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Mike Grob, who is the self-proclaimed “A-1 delivery driver” for the family-owned Pita Pit in Billings, is about to hit the road for Canada to do something else he’s pretty good at: play professional golf.

The 49-year-old Grob will be among the 156 players teeing off next Thursday in Victoria, British Columbia, at the $150,000 Times Colonist Island Savings Open, which will be the first event of the inaugural PGA Tour Canada season.

"I can't tell you how anxious I am," he said with a grin this week before beginning his lunchtime deliveries. "Even though I love working at Pita Pit (alongside his wife/owner Kristi), golf is much better. Much more fun."

Grob is also no stranger at the Victoria tournament, which will be played at Uplands Golf Club. He won it in 2006, and has reigned as the all-time money winner since 2005 on what was formerly known as the Canadian Tour.

What is different this time around is that Grob, one of the best golfers Montana has ever produced, isn’t fully exempt to play in every tournament this year as he has been in the past.

While he is included in the tour's veteran category, Grob will be playing next week on a sponsor’s exemption — courtesy of a well-positioned friend, Bob McKenzie, who recently retired as the publisher of the Times-Colonist newspaper in Victoria.

Grob's remaining schedule for this spring and summer will largely be contingent on how well he performs against the tour's young guns in the opening event.

“I don’t like it all riding on one tournament, but that’s the way it’s going to be this year,” he said. "Which is kind of tough for me. I usually get better as the year goes on, so it's going to be a little nerve-racking."

A top 10 finish in Victoria would likely secure Grob a spot in the season’s second tournament — the ATB Financial Classic in Calgary, Alberta, during the week of June 17-23 — and perhaps set the stage for the rest of the season.

Grob, who has been part of the Canadian Tour off and on since turning pro in 1988, participated in only three events last year, which complicated his playing situation this year under the tour's new guidelines for veteran players.

“It used to be where the veteran's category (ranking) was determined by your career money,” he said. “But they changed it — and I don’t know when — to where for veterans it was based on what they made last year.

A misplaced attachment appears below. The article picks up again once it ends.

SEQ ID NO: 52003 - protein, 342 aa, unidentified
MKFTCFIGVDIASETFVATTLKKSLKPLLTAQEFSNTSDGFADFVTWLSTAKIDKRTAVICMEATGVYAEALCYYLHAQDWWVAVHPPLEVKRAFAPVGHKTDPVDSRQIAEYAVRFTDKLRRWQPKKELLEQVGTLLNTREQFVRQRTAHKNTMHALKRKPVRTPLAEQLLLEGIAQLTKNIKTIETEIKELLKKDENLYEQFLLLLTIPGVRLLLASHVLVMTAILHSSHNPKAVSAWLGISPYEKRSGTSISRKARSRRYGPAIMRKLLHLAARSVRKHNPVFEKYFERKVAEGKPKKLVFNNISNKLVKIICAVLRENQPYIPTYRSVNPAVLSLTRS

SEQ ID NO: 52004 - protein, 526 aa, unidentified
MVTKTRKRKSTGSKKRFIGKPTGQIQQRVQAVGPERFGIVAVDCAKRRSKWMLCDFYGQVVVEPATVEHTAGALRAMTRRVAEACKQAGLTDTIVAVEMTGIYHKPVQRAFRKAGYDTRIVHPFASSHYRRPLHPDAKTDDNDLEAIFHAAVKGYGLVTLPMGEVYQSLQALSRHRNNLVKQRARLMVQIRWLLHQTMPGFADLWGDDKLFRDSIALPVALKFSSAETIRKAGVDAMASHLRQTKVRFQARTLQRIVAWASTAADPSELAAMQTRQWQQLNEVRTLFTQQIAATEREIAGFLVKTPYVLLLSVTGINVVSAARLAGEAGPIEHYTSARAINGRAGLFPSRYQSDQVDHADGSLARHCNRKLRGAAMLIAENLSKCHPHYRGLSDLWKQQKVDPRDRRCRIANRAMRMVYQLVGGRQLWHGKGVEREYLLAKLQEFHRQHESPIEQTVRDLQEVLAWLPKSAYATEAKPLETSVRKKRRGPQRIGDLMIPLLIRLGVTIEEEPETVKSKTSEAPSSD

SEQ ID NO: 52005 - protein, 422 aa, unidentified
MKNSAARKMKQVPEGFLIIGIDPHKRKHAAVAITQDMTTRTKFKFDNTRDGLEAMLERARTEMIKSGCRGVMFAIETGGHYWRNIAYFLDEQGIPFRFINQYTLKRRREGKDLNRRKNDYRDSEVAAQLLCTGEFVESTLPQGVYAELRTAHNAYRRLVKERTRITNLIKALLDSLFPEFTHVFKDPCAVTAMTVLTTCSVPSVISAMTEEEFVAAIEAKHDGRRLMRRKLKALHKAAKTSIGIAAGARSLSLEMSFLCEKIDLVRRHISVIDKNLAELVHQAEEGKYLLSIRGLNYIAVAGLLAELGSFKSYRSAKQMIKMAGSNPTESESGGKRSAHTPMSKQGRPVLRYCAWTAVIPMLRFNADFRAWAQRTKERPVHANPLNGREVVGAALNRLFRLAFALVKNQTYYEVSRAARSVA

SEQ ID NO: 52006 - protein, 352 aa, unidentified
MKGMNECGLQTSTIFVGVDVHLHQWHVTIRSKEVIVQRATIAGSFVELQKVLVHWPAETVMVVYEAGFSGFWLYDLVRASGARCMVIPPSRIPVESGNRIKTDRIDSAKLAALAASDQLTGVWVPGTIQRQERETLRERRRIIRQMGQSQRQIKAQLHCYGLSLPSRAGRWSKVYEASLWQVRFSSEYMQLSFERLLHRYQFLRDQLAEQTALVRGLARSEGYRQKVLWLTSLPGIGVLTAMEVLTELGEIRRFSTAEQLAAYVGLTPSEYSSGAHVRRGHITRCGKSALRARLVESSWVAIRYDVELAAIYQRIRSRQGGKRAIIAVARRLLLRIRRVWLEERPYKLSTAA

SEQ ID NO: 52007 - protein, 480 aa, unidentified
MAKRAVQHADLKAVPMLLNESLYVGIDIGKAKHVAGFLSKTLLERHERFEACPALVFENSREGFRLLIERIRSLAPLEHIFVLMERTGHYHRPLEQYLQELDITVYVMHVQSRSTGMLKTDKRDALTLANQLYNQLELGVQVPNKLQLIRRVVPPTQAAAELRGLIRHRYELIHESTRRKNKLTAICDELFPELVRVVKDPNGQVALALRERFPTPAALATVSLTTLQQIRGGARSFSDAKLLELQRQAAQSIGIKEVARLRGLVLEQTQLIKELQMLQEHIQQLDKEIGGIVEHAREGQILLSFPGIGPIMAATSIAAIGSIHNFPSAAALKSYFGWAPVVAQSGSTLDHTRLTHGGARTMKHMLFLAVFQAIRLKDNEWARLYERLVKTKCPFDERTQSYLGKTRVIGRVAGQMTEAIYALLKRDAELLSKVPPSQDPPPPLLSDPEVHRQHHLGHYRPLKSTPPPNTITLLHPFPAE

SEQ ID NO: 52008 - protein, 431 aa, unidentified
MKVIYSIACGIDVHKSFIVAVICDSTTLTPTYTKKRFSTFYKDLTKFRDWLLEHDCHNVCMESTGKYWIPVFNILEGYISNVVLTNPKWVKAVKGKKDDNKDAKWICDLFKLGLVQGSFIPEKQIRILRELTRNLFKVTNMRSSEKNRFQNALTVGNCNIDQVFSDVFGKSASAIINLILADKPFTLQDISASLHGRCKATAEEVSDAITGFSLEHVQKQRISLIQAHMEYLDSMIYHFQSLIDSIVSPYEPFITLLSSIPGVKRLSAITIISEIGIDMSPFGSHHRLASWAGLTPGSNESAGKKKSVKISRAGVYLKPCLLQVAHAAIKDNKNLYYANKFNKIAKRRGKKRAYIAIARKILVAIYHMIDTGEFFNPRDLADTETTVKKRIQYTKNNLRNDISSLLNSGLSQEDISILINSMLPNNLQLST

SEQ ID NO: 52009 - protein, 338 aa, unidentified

"I ended up being sixth in the veteran's category, which I thought I'd be first all the time, being the leading money winner. It was disappointing to see that.”

In 2012, Grob focused on playing in the new United States-based National Pro Golf Tour, which abruptly succumbed to financial problems in mid-July.

“I enjoyed it,” Grob said of that fledgling tour. “It was fun, but I also missed one Canadian event because I forgot to commit to it, which is my fault. The (tournaments) in the east, the purses dropped so much that I decided I couldn’t afford to go.

“I wish I would have now, but then we didn’t even know if the Canadian Tour was going to be around anymore.”

The PGA Tour came to the rescue of the 42-year-old Canadian Tour late last fall. There are nine tournaments coast-to-coast this summer, with the top five money winners overall earning cards for the 2014 Web.com. Tour, which is a major stepping stone to the PGA Tour.

With new events, a busier schedule and a clear path to the PGA Tour, interest is up and the competition for one of the 156 playing spots for each tournament is also more intense.

“I don’t think there’s a limit to what they can do now,” Grob said of the PGA taking over the Canadian Tour. “When you have the backing of the biggest golf brand in the world, you’re going to be fine.”

Grob is a six-time winner on the Canadian Tour, including the 1998 Canadian Masters. He has won around $540,000 on the tour over the years, along with the nearly $700,000 he has pocketed on the PGA, Nationwide, Buy.com and Nike tours.

In looking for a strong start to this season and getting a better grasp on what his immediate playing future in Canada will be, Grob couldn't ask for a better place to begin than Victoria, which is a place where he has prospered in the past.

He has had two top 10 finishes at Uplands since 2008, and won at Royal Colwood Golf Club in 2006 and was fourth there in 2007.

“It’s just so fun to go to Victoria,” Grob said. “Just to be there is a joy. If you feel comfortable with your surroundings, you’re going to feel comfortable on the golf course. Hopefully that will work out for me.”

Besides making his Pita Pit deliveries, Grob has been grooming his game during practice sessions at Yellowstone Country Club and Par 3. He has competed recently at tournaments in Polson and Riverton, Wyo.

“I feel like I’m hitting the ball as good as I can, but my short game is just not there yet,” Grob said. “I putt good for a few holes and then hit kind of a squirrelly one. Short putts are fine, but those mid-length 10- and 12-foot putts for birdie, I’m just not making the ones that I should.”

Way back in the summer of 1983, Grob won the first of three consecutive Montana State Amateur championships.  Thirty years later, the Montana State Golf Association Hall of Famer still has plenty to play for.

Whether it's in Canada or somewhere else, Grob is looking to polish his game over the next few months in preparation for his attempt this fall to qualify for the PGA's Champions Tour. If successful, he can begin playing on that tour alongside Bernhard Langer and Fred Couples next May when he turns 50.

"I want to play as long as I can," Grob said of golf. "It's all I know. It's what I love. Thankfully Kristi is willing to let me do it as long as I can."

Even if it means she could be losing her "A-1 delivery driver."

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